Introduction to Chapter 2: The Design of Experiments

Extract from Statistical Questions in Evidence-based Medicine by Martin Bland and Janet Peacock.

Each chapter of Statistical Question in Evidence-based Medicine starts with a one-page introduction, which describes the statistical methods which will be covered in the chapter. We hope that the topic will be useful in own right, as well as giving a flavour of the book.

This chapter covers the design of experiments, in particular clinical trials on human patients.

In an experiment or trial we carry out a treatment and observe the outcome. We need a control group who receive no treatment or a different treatment, but are otherwise similar to the group receiving the treatment of interest. The groups of patients should be comparable in every respect except treatment. We achieve this by random allocation, where subjects are allocated to treatments without the subject's own characteristics influencing the choice. Each subject has the same chance of receiving each treatment. Methods to do this include tossing a coin and random number tables.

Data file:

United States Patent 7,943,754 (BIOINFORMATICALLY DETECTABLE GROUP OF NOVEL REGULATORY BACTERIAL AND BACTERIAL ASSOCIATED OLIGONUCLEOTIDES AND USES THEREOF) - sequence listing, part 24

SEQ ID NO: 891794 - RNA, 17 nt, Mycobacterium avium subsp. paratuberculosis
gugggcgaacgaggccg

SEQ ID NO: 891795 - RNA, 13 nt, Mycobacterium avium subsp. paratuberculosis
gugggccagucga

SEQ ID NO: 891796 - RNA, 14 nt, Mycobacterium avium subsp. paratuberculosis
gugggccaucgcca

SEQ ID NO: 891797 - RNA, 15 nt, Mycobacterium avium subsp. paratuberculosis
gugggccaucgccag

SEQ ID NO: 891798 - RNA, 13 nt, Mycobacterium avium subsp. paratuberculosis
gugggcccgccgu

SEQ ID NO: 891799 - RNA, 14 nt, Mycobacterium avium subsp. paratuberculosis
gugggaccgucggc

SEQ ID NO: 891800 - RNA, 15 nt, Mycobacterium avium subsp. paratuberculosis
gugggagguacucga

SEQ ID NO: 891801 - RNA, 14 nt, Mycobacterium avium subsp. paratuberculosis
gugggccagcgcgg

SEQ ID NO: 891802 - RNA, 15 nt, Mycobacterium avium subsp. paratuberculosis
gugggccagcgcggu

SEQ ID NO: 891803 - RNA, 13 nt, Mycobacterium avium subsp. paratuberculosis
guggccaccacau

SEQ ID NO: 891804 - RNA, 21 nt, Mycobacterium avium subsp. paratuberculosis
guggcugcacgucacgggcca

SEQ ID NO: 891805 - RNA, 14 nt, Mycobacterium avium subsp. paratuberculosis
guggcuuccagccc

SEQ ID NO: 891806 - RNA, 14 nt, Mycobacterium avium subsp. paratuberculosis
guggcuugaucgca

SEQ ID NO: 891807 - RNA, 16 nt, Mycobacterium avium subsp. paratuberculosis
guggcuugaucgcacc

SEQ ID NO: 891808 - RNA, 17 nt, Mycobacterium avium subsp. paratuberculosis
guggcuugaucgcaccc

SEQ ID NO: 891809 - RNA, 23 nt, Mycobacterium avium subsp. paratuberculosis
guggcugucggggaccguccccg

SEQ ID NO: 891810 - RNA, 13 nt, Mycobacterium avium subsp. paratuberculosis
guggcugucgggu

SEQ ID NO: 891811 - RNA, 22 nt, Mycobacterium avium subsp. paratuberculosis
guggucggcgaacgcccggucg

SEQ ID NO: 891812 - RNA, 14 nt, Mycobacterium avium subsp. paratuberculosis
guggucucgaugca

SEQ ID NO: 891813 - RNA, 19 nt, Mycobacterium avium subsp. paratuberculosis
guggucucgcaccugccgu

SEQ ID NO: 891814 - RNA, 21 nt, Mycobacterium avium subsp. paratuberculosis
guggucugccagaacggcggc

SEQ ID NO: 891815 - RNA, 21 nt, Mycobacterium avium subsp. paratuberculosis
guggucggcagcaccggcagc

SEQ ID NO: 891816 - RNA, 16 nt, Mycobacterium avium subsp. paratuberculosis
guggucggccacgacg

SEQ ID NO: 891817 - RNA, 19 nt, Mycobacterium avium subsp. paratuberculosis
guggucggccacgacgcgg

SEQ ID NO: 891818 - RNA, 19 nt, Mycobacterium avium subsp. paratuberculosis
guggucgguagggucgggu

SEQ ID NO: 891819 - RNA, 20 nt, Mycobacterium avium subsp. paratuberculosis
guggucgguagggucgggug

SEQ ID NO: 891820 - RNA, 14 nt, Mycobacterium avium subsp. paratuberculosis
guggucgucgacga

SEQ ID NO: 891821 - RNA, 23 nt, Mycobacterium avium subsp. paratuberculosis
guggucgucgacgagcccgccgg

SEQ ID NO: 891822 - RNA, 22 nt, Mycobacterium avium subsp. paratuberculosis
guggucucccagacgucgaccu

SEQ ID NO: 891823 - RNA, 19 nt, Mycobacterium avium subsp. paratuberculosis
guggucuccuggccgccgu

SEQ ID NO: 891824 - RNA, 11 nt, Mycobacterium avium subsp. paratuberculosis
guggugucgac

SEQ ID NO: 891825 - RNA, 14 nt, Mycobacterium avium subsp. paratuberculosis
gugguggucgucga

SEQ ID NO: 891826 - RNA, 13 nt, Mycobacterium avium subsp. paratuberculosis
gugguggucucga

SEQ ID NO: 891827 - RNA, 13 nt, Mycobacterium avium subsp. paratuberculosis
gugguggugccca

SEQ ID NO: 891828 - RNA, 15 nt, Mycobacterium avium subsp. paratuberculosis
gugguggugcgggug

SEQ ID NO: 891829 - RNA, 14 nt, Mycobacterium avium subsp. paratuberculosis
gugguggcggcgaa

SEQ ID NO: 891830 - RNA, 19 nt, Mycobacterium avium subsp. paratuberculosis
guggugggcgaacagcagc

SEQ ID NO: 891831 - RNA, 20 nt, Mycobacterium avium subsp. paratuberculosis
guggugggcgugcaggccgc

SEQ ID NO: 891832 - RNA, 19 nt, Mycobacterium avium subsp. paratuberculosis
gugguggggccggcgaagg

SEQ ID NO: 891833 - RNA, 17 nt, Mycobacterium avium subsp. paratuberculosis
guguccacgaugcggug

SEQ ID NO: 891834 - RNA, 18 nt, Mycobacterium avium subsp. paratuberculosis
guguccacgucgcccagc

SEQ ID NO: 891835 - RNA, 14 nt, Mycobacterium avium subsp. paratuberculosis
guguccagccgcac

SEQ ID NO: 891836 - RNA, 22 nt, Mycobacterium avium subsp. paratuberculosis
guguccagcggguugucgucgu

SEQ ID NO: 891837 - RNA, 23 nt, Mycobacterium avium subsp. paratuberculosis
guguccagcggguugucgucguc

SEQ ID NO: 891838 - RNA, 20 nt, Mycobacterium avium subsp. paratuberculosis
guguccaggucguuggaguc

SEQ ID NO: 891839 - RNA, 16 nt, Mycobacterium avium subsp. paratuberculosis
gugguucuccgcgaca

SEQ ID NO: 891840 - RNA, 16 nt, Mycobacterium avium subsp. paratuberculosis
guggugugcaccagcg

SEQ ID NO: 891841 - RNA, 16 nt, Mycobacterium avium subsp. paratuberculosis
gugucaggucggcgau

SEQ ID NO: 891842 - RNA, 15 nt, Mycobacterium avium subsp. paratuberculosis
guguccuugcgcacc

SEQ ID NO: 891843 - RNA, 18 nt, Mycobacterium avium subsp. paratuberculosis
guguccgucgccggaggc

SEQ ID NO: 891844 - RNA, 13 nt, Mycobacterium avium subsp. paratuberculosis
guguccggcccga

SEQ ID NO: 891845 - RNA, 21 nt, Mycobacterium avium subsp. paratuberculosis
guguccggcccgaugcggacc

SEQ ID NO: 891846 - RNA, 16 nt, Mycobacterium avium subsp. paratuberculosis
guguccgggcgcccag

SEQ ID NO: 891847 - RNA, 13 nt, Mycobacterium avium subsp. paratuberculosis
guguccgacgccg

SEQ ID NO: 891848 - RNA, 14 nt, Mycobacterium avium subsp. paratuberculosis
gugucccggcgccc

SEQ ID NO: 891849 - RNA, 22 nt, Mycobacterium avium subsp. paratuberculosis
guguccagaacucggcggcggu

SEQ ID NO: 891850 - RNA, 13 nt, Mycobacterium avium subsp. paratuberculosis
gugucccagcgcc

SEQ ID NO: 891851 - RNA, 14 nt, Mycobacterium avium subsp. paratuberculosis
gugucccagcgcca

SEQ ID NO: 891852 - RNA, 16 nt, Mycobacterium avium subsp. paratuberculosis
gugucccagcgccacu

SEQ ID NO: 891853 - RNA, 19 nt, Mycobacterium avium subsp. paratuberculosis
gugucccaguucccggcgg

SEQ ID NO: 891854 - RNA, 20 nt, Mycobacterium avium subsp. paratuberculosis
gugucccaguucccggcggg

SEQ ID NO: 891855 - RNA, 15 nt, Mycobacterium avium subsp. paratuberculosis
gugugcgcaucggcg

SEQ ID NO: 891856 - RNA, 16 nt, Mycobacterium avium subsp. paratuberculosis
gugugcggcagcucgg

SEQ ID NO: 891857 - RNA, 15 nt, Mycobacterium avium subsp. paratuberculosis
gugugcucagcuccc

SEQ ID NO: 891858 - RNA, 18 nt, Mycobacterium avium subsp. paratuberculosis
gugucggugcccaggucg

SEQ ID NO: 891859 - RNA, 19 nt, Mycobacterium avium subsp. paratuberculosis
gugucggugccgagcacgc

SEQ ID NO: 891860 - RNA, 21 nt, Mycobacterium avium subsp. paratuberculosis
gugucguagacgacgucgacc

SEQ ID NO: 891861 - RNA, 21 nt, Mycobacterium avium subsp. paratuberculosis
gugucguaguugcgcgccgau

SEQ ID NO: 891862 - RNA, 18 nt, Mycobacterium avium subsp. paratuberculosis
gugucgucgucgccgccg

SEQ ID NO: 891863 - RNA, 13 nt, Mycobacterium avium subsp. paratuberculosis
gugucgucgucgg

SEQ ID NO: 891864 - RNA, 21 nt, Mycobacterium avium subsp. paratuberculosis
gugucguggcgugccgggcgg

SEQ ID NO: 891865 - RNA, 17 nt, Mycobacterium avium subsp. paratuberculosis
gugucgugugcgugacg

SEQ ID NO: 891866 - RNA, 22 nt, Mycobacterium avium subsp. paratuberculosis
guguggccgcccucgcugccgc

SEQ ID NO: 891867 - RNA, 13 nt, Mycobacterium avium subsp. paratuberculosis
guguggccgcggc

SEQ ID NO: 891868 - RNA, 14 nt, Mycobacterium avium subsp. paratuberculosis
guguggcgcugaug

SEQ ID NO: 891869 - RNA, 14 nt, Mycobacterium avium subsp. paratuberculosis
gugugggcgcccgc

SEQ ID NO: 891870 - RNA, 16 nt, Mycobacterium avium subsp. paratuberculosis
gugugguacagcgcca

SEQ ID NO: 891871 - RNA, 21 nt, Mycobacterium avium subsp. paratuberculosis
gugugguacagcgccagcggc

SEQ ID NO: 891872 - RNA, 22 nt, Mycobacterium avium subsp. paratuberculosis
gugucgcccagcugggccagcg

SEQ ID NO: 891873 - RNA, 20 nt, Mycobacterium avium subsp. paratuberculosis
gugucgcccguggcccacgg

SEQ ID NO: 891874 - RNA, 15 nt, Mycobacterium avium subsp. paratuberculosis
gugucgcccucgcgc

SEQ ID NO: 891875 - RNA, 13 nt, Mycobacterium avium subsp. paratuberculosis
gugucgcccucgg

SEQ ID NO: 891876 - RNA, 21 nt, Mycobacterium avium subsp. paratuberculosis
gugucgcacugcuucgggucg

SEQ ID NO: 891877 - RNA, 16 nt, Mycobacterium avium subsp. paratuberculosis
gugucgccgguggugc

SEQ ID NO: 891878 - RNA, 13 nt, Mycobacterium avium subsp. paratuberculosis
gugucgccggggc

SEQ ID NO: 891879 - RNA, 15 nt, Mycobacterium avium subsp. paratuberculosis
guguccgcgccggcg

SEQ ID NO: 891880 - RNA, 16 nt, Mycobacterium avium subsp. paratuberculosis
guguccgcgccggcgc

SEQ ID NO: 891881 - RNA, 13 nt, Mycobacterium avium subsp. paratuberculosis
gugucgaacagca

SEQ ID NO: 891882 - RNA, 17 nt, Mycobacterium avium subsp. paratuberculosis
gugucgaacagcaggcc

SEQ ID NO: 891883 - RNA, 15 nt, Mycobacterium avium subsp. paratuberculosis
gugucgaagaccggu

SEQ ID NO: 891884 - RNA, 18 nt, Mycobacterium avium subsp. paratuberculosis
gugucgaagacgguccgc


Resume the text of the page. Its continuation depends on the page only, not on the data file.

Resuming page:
Experimenters' observations may be influenced by knowledge of which treatment a subject has received. If possible, we should conceal treatment from the observer, a procedure called blinding or masking. Subject response also may be influenced by knowing which treatment they have received, so trial subjects, too, should be blinded if possible. `Double-blind' means that the neither the subject nor the experimenter knows the treatment allocation. Where there is no control treatment, we may use a `placebo', which is an inactive treatment, outwardly as similar as possible to the active treatment.

A cross-over trial is one where each subject receives all treatments, in random order. Each subject acts as their own control. This is good for treatments which control symptoms in chronic disease. We need a smaller sample size than for a two-sample trial, but we cannot look at long-term effects of treatments or at treatments which cure the disease.

Treatment groups are comparable at randomization, but this may change if some patients drop out or switch treatments. To keep the groups comparable, we analyse according to the original intention to treat, including everybody as if they had received the treatment to which they were allocated, whether they actually did or not.

Sometimes trial subjects are allocated into treatments in clusters, e.g. all patients in a general practice. The cluster is the experimental unit. Data must be analysed in experimental units, not as individual subjects.

It is essential that trials on human subjects be carried out ethically, the welfare of the trial subject being the researchers' primary concern. Potential subjects should be informed as fully as possible of what is involved in the trial and their free consent obtained.

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Last updated: 30 June, 2005.

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